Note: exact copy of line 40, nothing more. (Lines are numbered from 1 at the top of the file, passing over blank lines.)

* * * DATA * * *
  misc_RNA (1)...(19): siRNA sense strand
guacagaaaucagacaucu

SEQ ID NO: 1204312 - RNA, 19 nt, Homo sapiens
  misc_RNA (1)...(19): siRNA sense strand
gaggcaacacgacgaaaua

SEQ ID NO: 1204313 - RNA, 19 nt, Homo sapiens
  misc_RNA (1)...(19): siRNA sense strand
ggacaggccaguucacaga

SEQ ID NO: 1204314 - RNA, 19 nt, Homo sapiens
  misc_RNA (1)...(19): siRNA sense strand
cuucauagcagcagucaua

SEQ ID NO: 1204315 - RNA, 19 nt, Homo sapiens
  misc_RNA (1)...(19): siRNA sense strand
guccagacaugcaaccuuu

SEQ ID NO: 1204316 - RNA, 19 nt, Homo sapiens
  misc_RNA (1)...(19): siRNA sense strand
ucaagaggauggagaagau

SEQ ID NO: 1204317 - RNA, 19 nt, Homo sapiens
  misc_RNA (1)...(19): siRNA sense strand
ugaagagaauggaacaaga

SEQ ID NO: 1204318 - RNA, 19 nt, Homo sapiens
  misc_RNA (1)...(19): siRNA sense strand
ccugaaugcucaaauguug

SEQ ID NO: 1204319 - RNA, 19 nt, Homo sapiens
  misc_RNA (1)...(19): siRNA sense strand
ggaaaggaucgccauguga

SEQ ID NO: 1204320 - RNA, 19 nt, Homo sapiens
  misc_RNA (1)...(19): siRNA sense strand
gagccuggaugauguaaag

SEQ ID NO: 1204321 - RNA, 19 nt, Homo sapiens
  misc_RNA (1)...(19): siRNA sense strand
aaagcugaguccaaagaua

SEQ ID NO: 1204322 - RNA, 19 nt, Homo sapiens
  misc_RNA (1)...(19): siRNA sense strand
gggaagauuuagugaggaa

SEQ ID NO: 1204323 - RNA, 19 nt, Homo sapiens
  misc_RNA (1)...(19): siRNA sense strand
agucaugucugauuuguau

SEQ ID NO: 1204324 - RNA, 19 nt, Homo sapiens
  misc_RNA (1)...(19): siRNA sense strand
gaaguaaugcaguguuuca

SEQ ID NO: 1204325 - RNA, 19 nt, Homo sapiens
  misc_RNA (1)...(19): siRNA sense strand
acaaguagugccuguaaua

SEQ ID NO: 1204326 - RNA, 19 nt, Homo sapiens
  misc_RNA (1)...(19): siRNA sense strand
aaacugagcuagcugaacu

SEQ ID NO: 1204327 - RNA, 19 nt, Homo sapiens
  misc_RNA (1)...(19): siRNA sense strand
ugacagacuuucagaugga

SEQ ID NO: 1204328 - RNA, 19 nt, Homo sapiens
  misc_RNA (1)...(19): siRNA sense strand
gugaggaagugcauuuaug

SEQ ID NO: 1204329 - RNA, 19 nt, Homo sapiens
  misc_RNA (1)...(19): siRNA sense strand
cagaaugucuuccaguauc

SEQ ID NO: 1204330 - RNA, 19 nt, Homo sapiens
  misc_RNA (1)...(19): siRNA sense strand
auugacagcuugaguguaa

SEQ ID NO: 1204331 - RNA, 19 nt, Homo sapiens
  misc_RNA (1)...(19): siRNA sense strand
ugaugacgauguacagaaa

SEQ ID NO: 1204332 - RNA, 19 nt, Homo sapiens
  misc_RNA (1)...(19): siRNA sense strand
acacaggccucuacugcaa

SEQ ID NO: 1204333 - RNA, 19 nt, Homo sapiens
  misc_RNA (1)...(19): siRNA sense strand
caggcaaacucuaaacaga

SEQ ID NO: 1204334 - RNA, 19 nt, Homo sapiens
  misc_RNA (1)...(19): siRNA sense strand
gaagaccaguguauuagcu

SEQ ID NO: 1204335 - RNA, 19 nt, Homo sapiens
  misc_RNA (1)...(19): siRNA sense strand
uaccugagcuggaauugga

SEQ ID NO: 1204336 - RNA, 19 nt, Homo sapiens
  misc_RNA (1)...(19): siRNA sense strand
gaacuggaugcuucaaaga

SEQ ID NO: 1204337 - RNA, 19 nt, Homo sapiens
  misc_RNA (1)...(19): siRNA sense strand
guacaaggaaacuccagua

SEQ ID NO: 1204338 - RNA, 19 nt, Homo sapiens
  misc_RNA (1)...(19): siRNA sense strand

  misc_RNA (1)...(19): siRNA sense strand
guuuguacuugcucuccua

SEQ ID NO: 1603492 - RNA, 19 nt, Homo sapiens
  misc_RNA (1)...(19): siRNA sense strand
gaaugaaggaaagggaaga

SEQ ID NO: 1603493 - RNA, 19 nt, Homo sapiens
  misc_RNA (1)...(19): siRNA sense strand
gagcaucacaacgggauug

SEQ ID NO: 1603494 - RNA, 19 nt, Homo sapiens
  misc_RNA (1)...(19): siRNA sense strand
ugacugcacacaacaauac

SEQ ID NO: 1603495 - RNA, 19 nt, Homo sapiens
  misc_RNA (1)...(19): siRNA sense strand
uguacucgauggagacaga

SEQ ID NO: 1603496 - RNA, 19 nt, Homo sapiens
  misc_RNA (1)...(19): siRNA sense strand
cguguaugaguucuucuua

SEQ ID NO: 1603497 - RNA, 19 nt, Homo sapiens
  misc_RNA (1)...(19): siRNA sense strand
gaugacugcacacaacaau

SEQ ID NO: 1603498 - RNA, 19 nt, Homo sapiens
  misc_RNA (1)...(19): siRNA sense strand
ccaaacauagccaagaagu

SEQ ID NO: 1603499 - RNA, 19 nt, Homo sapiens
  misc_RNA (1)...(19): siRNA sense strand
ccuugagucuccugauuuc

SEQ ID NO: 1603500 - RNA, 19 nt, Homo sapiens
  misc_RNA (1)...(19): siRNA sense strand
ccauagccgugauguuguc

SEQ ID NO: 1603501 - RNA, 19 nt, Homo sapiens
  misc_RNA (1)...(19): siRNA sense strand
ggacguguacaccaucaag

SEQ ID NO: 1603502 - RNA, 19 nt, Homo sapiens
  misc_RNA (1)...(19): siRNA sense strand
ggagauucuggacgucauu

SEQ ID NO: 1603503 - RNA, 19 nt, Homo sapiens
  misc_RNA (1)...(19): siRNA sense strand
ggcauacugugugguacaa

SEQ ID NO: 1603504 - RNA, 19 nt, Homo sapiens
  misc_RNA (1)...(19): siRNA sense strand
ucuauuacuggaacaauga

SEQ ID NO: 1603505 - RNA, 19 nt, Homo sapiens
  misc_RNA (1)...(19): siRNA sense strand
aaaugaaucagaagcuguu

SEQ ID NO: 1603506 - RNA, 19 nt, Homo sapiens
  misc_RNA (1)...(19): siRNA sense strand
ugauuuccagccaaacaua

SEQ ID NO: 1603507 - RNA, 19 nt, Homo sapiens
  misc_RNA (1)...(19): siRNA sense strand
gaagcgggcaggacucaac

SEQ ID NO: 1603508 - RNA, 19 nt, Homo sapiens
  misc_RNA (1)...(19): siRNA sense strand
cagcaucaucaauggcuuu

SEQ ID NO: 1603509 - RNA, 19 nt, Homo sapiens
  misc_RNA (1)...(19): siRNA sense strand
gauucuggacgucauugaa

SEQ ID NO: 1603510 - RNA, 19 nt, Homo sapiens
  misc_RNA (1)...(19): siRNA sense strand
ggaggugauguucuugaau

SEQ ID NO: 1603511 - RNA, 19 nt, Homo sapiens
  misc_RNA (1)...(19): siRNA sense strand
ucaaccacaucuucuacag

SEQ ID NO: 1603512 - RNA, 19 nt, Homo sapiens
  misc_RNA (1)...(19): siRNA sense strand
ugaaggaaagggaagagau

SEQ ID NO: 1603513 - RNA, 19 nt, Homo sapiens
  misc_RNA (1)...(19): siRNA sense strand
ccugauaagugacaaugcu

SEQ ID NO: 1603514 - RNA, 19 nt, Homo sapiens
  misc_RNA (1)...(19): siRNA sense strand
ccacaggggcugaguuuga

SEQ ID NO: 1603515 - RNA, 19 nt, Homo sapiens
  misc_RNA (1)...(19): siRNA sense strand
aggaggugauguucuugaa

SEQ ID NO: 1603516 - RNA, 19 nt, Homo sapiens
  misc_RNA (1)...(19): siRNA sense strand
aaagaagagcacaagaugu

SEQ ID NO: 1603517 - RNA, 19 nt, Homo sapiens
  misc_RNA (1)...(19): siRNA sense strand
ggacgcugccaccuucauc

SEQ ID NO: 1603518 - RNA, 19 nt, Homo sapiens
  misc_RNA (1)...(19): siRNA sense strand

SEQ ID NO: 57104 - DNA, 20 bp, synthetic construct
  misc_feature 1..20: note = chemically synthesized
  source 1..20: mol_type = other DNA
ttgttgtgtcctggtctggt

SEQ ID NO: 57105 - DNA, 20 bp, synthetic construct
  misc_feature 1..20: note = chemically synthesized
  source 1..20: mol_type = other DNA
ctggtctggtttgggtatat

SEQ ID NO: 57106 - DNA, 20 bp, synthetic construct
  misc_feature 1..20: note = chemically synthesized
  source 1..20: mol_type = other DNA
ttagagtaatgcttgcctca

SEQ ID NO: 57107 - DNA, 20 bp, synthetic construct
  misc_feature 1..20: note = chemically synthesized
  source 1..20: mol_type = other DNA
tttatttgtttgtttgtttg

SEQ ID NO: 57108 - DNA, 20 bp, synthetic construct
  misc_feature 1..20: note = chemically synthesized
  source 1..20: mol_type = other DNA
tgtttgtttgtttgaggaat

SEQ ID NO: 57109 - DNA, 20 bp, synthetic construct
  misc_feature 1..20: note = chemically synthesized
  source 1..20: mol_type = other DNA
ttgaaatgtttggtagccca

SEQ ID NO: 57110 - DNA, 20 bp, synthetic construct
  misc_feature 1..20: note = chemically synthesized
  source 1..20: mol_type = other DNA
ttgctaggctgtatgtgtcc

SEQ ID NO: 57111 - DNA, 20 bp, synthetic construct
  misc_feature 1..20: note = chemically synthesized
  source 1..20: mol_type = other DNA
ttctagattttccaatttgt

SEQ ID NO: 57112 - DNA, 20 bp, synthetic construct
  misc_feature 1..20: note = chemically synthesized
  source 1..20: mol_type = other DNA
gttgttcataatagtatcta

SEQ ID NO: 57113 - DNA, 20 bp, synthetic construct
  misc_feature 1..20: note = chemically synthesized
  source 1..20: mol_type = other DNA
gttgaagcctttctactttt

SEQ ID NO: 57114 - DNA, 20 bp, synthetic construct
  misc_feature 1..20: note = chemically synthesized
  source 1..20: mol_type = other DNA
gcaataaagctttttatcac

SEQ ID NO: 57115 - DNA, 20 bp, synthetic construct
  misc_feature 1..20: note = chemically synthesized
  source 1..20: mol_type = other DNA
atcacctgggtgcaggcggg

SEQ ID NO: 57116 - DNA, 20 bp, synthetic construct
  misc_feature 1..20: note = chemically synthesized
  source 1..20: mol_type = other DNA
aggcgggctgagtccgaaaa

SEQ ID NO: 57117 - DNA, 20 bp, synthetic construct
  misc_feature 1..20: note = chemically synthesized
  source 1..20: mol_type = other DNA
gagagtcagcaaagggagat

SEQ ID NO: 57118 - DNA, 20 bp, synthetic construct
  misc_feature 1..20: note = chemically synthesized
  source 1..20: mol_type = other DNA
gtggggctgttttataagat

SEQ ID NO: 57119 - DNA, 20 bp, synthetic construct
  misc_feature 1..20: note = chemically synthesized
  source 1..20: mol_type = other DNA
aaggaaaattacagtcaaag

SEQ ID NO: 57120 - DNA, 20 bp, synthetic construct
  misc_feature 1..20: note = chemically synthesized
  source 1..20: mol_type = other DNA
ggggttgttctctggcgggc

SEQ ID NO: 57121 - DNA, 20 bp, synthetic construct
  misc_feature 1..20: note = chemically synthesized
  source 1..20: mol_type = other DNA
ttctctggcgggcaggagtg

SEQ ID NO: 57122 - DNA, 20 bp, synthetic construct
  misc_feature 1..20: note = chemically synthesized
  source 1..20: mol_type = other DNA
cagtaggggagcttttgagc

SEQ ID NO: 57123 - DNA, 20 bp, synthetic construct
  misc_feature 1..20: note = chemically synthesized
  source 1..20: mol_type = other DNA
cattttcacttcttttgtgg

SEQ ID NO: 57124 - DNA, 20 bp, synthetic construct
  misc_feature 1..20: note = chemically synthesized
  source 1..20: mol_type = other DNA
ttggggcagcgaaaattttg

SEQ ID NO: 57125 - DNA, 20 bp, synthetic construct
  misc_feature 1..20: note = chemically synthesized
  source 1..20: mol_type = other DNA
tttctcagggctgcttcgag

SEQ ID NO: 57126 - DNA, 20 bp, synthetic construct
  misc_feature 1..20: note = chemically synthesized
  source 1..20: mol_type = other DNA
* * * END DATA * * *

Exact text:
  misc_RNA (1)...(19): siRNA sense strand